Also in Sturgeon Bay we found the Door County Museum which has on exhibit many items belonging to its pioneers.  In the museum we learned a lot about the peninsula and its history for about the past 150 years. The first cherry orchards were planted in 1862. Below is one of the cherry exhibits located in the museum.
 I must say that for me this is the best time to visit Door County, just because I love cherries. While here I have eaten cherry doughnuts, cherry brats, cherry peanut brittle, and cherry pie. I have even stocked up on the fruit before driving from the county. One other food popular in Door County is fish.  At the Door County Museum there is a display explaining the ever-popular fish boil. The first one was done in Door County in 1962. One meal for our family reunion was a fish boil at the Log Den restaurant. We learned from the cook there that originally the fish for a fish boil was trout, which is an oily fish. When that fish is boiled in water it leaves an oily scum floating at the top of the water. To avoid dragging the carrots, onions, potatoes and fish up through that oil scum a large fire is created.  The water heats up rapidly then and the oily layer boils out of the pot. The fish used in the current fish boils is whitefish, so technically that fierce fire is not needed. After giving us that piece information, the cook tossed some lighter fluid on the fire and we watched our pot of food become engulfed in flames. It all made for a great plate of food, which was finished off with a piece of cherry pie.
 Before closing here I want to mention one very scenic spot on the peninsula, which is Cave Point County Park. The waters of Lake Michigan and Green Bay have carved the peninsula's rocky shoreline into caves, arches and cliffs. Below is a picture of the caves along the water at the county park.

Sunday, August 7, 2011

Dan and Amanda's Wedding

The past two weeks have passed very quickly. Our son's wedding and the family reunion which followed have taken up a lot of our time. The last family member, our son Michael, left early this morning. Time now is my friend and I can get a posting done. I will first start out saying that the wedding went well and was an awesome event. Prior to the event it was a crazy and hectic time and I did wonder how it was all going to come together. But Dan and Amanda did know what they were doing and had it well organized. The second day we were in Door County John and I checked out the Woodwalk Gallery where the event was to take place and we could easily understand why the wedding couple choose the site. It is an old barn which has been turned into an art gallery. The wedding was to be outside, in front of the corn crib.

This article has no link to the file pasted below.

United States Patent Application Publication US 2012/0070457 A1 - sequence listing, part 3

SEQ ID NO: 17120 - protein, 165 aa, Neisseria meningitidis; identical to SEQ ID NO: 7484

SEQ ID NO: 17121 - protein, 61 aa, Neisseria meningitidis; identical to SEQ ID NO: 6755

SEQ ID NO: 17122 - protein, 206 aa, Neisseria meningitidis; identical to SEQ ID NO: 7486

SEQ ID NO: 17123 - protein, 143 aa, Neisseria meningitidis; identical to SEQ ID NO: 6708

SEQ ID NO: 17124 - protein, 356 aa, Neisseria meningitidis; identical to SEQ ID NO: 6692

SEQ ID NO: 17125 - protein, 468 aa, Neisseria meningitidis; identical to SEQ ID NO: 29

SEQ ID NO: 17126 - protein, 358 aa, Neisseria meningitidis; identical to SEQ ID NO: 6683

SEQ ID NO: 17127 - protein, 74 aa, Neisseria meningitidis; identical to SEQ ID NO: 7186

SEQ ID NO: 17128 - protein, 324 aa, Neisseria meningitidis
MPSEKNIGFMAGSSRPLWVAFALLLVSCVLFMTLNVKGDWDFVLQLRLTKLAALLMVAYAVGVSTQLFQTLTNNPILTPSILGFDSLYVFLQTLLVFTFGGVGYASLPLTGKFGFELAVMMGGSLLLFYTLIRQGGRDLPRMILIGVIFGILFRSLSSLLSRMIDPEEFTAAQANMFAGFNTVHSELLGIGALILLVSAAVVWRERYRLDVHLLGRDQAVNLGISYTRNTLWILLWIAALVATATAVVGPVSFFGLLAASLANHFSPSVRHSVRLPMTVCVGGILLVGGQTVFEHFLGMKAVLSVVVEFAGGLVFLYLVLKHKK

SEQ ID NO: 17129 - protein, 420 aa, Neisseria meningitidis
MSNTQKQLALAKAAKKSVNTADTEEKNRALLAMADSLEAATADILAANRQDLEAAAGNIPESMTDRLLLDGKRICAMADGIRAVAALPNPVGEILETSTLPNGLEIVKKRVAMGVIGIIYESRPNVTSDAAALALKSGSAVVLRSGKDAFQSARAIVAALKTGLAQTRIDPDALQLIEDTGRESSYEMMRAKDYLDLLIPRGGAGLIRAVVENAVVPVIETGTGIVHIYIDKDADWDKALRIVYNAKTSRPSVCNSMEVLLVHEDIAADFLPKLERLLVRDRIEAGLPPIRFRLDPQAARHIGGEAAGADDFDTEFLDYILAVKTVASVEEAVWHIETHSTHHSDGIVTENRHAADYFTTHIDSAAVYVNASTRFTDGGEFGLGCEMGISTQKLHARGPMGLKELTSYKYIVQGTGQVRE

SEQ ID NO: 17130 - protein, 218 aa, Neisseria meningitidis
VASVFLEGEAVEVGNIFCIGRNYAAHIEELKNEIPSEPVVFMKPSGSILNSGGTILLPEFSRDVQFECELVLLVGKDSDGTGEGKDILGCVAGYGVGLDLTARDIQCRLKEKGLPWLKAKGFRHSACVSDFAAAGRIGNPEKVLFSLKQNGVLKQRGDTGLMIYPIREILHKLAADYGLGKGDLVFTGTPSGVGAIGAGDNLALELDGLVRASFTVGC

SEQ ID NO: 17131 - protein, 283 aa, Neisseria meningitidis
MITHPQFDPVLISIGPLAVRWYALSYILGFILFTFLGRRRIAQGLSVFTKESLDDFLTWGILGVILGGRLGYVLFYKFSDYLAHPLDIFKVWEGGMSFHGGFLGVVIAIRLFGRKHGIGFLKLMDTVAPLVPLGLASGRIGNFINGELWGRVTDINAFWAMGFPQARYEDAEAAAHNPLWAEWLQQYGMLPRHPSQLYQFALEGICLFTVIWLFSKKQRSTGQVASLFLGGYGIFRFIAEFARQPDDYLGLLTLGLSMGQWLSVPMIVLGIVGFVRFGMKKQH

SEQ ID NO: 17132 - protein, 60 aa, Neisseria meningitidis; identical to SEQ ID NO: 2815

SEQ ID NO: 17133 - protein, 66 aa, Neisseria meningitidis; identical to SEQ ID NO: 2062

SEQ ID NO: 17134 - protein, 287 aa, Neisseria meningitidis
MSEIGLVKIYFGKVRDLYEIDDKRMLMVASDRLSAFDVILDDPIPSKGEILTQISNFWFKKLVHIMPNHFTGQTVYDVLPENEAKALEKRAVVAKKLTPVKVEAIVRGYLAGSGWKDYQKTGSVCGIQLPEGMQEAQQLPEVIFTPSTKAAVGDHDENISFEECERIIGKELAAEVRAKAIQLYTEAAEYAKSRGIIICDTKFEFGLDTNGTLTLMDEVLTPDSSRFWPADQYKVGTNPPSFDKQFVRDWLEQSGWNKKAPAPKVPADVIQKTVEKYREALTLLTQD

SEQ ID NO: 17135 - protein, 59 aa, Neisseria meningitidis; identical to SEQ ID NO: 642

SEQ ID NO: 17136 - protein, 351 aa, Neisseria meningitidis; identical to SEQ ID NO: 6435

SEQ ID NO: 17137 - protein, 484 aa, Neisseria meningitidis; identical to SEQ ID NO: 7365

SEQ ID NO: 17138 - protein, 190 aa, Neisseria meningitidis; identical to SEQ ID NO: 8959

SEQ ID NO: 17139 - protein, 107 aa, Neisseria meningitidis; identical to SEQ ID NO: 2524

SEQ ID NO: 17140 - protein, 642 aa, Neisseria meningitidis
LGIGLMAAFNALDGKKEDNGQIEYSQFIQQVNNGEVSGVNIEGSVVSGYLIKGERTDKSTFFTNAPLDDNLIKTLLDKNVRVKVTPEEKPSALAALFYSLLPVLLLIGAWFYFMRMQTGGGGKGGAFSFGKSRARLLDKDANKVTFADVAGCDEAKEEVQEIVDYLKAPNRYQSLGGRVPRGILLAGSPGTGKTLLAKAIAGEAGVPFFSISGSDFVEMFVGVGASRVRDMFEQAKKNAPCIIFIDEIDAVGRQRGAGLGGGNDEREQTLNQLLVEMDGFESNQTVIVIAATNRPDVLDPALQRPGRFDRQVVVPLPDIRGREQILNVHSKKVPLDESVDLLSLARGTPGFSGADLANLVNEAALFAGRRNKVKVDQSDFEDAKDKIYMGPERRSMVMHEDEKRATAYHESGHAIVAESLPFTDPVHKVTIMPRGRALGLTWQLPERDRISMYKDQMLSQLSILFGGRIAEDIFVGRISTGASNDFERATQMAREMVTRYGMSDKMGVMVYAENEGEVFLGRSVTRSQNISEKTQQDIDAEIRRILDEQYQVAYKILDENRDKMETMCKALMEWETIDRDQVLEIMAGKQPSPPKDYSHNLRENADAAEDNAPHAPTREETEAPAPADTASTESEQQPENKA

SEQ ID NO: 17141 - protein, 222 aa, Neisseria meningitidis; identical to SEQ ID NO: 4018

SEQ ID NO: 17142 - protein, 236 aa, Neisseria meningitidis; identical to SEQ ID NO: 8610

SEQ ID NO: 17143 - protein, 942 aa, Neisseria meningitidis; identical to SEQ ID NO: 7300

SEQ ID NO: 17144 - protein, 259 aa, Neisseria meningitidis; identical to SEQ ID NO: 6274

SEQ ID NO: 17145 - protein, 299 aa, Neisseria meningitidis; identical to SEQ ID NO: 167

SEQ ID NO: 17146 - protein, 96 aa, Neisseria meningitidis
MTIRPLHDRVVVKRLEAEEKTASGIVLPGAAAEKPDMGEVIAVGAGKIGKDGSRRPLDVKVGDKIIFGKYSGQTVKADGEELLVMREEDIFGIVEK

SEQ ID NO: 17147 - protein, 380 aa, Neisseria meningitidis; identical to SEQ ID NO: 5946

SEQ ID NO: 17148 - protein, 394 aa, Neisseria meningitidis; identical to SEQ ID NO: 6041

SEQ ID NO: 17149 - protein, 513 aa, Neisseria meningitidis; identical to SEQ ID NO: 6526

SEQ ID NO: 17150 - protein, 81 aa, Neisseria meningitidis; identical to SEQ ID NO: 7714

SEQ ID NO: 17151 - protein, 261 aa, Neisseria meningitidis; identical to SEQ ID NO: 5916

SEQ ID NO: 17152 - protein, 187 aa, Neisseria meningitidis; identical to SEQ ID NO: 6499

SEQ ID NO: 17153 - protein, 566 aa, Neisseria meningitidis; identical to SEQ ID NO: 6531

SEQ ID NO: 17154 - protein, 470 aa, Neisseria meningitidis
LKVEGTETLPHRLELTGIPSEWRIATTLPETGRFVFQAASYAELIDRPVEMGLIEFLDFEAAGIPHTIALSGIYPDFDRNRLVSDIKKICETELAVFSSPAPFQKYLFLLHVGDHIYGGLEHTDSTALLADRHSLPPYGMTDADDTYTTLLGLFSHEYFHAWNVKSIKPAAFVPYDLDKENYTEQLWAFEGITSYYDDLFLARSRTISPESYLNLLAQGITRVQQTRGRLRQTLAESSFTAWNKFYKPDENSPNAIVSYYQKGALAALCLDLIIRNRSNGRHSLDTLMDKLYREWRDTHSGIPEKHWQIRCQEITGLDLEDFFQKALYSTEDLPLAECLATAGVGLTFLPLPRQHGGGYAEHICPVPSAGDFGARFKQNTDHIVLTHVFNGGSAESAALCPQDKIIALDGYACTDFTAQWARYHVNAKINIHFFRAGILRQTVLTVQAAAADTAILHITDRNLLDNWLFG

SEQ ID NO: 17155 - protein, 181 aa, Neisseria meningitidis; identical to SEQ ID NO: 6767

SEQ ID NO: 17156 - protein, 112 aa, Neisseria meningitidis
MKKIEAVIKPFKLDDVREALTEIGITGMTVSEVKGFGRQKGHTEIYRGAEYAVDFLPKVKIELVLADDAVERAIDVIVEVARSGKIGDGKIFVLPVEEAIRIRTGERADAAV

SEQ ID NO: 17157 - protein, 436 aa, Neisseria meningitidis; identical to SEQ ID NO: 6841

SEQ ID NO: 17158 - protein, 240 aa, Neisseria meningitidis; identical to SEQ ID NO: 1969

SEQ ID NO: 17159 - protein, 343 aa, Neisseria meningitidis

Family and the wedding party helped to decorate the wedding reception area (pictured above) the morning of the event. Amanda and her mother had sewn and put together all the table settings. They had made cloth love birds and flowers. You can well imagine our dismay when, about an hour before the wedding was to begin, the sky became dark and a torrential rain came down. A strong wind blew everything off the tables. We had been informed that there was zero chance of rain. What was equally amazing was how everyone, once the storm had ebbed, cleaned up the mess and quickly transformed the inside of the gallery into a wedding chapel. The table linens and love birds were hung up to create a backdrop for the altar. Chairs were dried off and brought inside. Meanwhile the perspective bride and groom were strolling around with big grins on their faces. Nothing seemed to upset them and that was good. The storm actually was good for our daughter Melissa who had been icing cupcakes for the wedding cake up until about one hour before the wedding. She had moved her icing process to our motor home; below is a picture of my sister Julia doing a stint of icing. Someone made the comment that it takes a village to make a wedding. We found that to be quite true for Dan and Amanda's wedding!
Melissa was able to get dressed, drive to the gallery, and set up the wedding cake before she had to pick up her flute and play the wedding march. Below is a picture of her(after the ceremony) with her work of art.
After the ceremony the sun shone again and pictures were taken outside. The reception was lots of fun with plenty of food, mint julep and wine. We had a great evening of dancing with music provided by the Sloppy Joes. I can't leave this posting now without a picture of the happy couple!